Meet The Nation: A look at the economy

The national political arena is still reeling from the after-effects of Osama Bin Laden’s killing. Of course there are a few that claim the entire thing was faked, but all things considered, these “deathers” are few and far between compared to the “Obama birthers” and “9/11 truthers” out there. Slowly the nation is shifting its focus back to the economy. In the spirit of this national focus, perhaps a brief explanation is in order regarding how, exactly, we got to the situation we now find ourselves in.

First, an explanation of basic economic principles. An economy is cyclical, with a cycle consisting of growth or “boom cycle” and a cycle consisting of decline or “bust cycle.” The boom cycle is indicated by an ease of obtaining credit (e.g. loans) and an increase in the cost of commodities. It is, essentially, a time of economic prosperity and growth.

However, the boom cycle is always followed by a powerful bust cycle. The most powerful of these bust cycles are indicated by the bursting of rapidly expanding markets (i.e. the .com bubble or the housing market) due to a lack of sustainability.

These bubbles are a symptom of an economy which is growing too fast, causing the boom and bust cycles to both occur much more rapidly and to be much more pronounced.

The largest bust cycle in recent history (in our country) was the breakdown of loans made after the end of WWI. Germany was forced to pay reparations to us, reparations which they could not afford to pay. They took loans from other allied countries in order to pay their debt to us. The allied countries had to take out loans from us in order to provide Germany with the money required to do this.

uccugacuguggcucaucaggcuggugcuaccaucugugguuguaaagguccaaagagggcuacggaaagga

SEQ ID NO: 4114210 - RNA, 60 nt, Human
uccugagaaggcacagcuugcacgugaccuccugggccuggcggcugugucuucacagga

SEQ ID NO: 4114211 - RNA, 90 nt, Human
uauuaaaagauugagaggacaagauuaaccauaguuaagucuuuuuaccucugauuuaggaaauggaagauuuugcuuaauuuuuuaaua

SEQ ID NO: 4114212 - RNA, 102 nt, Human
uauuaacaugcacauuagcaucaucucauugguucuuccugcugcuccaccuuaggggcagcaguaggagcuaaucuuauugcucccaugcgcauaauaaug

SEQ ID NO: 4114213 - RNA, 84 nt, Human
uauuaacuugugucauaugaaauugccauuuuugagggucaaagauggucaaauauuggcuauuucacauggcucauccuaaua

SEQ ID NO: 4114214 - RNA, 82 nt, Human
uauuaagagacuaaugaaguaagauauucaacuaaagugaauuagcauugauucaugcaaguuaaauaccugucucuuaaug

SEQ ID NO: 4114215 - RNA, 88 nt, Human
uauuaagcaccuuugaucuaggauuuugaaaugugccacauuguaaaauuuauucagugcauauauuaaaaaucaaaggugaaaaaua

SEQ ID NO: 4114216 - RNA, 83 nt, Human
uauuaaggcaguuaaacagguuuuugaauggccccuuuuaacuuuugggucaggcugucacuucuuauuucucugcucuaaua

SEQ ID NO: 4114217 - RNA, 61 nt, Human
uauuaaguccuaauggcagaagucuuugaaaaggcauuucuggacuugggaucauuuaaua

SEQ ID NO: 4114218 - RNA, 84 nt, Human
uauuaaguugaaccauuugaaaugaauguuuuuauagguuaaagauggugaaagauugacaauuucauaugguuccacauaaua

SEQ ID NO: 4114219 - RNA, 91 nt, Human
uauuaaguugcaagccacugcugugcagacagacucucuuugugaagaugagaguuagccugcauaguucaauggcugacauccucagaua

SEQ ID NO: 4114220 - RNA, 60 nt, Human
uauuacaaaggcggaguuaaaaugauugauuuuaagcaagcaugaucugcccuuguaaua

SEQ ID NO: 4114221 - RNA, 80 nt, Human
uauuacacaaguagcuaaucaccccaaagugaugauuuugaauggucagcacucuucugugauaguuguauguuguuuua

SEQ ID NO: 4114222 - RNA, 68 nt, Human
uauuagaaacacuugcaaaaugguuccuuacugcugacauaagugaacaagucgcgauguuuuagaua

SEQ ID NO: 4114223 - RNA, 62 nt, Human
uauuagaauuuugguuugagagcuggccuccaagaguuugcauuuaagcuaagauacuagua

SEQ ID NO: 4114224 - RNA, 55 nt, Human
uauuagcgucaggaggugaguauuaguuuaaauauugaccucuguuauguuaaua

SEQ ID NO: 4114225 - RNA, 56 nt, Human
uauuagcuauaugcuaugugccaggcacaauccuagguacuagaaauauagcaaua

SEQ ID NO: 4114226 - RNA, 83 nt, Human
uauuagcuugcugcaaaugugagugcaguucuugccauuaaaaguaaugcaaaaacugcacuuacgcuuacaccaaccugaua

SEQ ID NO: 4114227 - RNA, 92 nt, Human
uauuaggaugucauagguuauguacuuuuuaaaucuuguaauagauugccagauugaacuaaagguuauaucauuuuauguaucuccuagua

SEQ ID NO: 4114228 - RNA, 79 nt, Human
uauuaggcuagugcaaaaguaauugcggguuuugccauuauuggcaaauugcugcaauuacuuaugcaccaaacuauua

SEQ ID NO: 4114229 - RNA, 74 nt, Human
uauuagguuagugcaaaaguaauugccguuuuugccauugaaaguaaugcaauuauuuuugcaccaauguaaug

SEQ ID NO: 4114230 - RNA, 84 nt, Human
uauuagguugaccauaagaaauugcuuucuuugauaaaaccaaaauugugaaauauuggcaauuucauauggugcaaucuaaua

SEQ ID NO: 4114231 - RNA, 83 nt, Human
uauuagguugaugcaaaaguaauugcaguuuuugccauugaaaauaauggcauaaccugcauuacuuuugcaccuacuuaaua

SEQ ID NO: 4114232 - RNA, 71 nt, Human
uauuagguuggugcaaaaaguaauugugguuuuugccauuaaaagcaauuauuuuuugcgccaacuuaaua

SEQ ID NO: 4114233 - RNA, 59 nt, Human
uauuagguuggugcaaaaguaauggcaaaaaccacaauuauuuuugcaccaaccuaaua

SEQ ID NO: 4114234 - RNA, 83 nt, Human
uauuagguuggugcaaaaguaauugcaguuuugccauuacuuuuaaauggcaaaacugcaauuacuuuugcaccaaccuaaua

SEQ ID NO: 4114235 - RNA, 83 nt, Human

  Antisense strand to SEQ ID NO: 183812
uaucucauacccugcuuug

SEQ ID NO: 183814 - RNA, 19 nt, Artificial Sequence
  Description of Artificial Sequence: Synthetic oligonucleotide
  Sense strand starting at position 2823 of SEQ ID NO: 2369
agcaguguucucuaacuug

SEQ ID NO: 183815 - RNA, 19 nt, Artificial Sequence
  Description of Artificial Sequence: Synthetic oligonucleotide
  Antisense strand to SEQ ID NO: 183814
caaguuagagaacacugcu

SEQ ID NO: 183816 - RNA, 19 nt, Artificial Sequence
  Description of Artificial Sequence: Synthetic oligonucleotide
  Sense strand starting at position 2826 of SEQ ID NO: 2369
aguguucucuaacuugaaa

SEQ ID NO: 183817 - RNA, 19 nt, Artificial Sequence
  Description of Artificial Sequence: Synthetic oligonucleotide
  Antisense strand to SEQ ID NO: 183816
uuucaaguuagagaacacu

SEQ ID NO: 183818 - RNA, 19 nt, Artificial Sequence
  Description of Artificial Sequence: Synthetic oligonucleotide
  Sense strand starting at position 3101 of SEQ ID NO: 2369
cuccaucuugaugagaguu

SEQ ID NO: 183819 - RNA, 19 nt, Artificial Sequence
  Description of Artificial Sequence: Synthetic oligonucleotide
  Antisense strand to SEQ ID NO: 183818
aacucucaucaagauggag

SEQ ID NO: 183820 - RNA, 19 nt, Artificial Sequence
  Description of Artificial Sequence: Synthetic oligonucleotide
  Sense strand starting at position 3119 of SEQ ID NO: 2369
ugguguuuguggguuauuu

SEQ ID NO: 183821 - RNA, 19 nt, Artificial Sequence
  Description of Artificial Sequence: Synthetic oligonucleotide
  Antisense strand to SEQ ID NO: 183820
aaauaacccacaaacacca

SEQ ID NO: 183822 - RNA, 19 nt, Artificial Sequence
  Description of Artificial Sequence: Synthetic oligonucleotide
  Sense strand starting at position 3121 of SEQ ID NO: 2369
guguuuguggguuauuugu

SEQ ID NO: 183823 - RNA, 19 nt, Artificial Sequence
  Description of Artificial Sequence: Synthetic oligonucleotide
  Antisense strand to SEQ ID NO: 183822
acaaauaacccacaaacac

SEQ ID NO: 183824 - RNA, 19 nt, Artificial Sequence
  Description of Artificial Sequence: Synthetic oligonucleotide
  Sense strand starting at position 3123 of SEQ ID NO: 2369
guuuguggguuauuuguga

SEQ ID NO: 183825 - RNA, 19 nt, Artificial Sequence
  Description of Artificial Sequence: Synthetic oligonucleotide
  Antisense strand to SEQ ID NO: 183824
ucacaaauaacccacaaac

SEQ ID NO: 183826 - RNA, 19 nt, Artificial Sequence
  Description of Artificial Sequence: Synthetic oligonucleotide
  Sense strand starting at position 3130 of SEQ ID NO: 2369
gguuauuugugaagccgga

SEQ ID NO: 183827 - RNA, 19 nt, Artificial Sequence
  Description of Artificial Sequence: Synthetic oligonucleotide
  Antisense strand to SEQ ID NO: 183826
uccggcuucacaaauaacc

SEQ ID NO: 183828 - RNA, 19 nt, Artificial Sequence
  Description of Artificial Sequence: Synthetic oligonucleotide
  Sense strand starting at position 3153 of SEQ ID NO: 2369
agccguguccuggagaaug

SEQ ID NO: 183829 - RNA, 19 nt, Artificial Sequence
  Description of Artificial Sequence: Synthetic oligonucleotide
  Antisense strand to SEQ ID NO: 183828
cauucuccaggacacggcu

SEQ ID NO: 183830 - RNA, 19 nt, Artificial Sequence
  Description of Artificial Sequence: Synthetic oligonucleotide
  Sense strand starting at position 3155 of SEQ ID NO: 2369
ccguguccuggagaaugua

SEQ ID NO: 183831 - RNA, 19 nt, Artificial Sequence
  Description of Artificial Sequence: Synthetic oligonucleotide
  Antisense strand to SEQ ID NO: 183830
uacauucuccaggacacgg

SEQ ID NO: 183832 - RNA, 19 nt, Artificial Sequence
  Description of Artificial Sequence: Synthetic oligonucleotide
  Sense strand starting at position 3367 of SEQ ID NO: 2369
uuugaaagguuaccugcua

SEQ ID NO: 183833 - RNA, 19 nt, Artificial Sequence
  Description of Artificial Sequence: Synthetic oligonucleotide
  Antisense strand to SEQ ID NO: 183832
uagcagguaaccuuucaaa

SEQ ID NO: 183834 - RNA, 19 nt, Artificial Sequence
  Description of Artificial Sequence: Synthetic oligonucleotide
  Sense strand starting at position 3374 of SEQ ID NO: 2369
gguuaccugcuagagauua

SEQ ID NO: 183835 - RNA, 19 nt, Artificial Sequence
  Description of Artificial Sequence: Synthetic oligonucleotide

Even though any child can see that this was doomed for failure, evidently no one really cared back then.

When the inevitable happened and the whole system fell apart, the country fell into what we now call the great depression. Roosevelt helped bring us out of the depression by investing in social programs which put people back to work repairing American infrastructure. This way they could afford to buy things, stimulating the economy. When WW2 rolled around, our economy was in a good enough shape that it could begin mass-production on a scale never before seen. In the aftermath of the war, our nation was in great economic shape.

During the 1950s, we were the world’s number one exporter of goods.Today we are the world’s number one importer of goods. Why? Globalization.

Back when we were exporting goods, we were rolling in cash because we were getting payed to work at all these factories manufacturing goods. With this extra money, we could afford to buy luxury items like a T.V. or a second car.

Soon, someone realized that these same goods could be made for a fraction of the cost in much poorer countries with much more lax worker protection laws. The great migration of jobs overseas began. You can probably see why this was another plan that was not sustainable. Soon Americans stopped having as much excess money to spend on luxury goods, because without the producers of those luxury goods, they had no jobs to make money from.

Of course, the actual cause of our current mess is a little bit more complex than that. During what is considered our greatest time of economic prosperity (where the boom/bust cycle was so mild it was hardly worth noting) came in the 1950s and 1960s. During this period of time, the income tax rates for the top tax bracket of our population (those making $250,000 or more a year) hovered between 90 and 80 percent. This massive income tax helped retard the boom/bust cycle, massively reducing the chance of another recession.

Slowly, over the years, this percentage was decreased and a myriad of loopholes were added to the tax code to help stimulate economic growth. Unfortunately, that economic growth was much too rapid to be sustainable, leading to larger booms and devastating busts.

This, combined with lax financial regulation, lead to a great time of economic prosperity in the early 2000s after George W. Bush drastically lowered tax rates on the wealthy. Of course, it also lead to the financial crisis of 2008 and our current recession which the nation is still struggling to break free of.

There are many more nuances regarding why we are in the dire straits we find ourselves in (tax cuts decrease government revenue and make no fiscal sense in a time of war, which is most certainly what we are in) but that is a general explanation of our nation’s economy and why we are in our current mess.